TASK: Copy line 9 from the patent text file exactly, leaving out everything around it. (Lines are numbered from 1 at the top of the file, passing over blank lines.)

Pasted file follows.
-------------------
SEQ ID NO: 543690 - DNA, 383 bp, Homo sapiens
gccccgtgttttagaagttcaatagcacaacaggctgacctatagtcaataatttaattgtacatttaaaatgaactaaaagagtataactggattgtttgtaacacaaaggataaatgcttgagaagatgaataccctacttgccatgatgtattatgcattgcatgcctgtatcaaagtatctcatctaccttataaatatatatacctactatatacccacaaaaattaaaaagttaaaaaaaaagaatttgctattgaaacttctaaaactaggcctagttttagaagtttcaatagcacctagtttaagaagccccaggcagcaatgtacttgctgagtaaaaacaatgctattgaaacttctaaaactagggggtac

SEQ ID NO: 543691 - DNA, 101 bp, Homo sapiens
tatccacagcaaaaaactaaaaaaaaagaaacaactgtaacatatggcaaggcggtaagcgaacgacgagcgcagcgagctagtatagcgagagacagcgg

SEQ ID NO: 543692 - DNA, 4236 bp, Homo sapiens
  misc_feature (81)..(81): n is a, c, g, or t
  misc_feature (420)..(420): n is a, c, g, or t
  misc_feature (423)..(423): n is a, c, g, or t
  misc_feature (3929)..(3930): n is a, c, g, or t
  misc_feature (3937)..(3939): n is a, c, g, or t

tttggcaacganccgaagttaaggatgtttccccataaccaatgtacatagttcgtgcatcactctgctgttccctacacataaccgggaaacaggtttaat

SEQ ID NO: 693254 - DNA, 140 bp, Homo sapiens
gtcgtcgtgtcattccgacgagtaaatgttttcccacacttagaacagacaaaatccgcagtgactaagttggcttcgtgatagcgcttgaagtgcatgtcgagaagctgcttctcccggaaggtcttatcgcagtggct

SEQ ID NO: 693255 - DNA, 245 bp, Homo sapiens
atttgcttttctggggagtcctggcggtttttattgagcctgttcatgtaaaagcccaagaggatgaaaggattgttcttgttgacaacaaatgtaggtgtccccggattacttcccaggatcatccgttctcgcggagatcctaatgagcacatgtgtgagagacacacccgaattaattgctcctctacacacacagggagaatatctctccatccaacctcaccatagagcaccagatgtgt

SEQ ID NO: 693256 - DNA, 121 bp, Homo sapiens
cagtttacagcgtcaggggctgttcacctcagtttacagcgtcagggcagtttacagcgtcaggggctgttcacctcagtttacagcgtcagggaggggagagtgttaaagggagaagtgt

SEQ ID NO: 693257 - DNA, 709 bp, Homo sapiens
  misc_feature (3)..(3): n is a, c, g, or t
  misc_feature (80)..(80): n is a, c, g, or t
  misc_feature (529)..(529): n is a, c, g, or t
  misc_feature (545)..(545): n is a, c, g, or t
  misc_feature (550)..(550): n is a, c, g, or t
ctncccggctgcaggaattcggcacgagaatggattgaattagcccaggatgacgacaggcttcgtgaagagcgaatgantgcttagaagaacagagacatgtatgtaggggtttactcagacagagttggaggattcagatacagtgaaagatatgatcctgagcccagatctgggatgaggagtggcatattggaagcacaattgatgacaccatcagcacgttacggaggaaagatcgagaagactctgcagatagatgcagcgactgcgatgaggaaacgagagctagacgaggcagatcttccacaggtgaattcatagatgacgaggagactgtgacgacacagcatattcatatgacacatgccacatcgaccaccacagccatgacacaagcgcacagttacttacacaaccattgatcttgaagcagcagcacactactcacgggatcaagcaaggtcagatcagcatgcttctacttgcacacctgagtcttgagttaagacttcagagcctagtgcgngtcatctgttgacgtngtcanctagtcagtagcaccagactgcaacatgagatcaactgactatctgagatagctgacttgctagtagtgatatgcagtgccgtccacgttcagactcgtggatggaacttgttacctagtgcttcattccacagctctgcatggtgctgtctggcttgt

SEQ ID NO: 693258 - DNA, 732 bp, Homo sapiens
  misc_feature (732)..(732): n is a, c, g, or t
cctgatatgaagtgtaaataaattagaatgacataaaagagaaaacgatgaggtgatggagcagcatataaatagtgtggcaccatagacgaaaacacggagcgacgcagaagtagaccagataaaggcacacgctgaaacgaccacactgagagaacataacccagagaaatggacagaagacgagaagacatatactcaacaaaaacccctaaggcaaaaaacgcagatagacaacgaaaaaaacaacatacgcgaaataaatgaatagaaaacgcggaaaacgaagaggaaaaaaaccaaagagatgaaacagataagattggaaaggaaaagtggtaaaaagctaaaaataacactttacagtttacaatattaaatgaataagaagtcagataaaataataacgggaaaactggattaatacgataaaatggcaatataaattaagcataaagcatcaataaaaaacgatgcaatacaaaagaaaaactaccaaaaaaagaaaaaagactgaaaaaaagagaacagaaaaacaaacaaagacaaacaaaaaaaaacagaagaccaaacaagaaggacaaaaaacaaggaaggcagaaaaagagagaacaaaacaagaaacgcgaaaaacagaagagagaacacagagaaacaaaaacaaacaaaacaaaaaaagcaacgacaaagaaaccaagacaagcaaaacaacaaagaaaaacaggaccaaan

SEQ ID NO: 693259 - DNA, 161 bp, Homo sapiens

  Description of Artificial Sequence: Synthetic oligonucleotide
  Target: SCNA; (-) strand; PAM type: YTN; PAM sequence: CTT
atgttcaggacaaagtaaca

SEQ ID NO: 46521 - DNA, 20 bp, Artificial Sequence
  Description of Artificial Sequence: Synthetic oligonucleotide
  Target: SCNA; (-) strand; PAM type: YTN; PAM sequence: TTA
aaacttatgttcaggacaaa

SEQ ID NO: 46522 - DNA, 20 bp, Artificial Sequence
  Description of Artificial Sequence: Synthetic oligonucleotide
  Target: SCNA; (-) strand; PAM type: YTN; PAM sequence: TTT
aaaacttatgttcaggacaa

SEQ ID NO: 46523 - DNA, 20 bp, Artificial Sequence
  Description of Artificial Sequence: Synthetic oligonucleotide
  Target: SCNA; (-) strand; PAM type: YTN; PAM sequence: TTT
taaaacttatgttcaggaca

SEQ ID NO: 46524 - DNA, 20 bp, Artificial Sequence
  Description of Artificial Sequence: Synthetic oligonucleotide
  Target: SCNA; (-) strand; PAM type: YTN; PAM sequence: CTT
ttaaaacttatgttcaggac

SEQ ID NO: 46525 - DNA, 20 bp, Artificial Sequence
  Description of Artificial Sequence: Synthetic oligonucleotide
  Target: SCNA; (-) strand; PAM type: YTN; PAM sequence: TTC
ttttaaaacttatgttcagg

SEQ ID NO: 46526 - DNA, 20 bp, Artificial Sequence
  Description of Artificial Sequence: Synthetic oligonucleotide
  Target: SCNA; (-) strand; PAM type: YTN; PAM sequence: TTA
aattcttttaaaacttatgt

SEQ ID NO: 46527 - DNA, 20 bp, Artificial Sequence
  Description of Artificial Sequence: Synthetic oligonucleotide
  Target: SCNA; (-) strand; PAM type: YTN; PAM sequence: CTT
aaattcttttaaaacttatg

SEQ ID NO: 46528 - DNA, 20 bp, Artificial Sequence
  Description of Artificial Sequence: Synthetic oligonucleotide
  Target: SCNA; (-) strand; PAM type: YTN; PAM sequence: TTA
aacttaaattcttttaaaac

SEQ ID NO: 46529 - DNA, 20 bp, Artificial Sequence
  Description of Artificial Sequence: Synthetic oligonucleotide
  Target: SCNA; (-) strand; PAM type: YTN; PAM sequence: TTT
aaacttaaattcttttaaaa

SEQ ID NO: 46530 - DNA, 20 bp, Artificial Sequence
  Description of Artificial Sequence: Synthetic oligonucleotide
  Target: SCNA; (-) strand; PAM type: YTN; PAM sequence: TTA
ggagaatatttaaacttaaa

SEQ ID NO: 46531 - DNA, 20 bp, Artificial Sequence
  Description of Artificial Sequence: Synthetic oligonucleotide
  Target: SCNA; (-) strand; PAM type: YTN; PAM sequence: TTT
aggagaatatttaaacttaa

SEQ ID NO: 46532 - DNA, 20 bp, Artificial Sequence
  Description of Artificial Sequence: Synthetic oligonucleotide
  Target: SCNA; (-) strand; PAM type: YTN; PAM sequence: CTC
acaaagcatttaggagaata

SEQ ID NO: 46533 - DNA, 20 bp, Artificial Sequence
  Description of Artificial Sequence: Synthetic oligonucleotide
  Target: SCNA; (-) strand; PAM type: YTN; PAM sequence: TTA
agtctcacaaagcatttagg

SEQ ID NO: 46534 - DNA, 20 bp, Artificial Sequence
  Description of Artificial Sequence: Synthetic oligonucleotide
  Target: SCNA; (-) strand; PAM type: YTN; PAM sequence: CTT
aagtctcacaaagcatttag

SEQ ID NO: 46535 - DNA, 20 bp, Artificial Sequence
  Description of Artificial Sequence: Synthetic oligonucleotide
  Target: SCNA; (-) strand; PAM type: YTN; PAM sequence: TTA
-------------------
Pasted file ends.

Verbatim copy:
  misc_feature (3929)..(3930): n is a, c, g, or t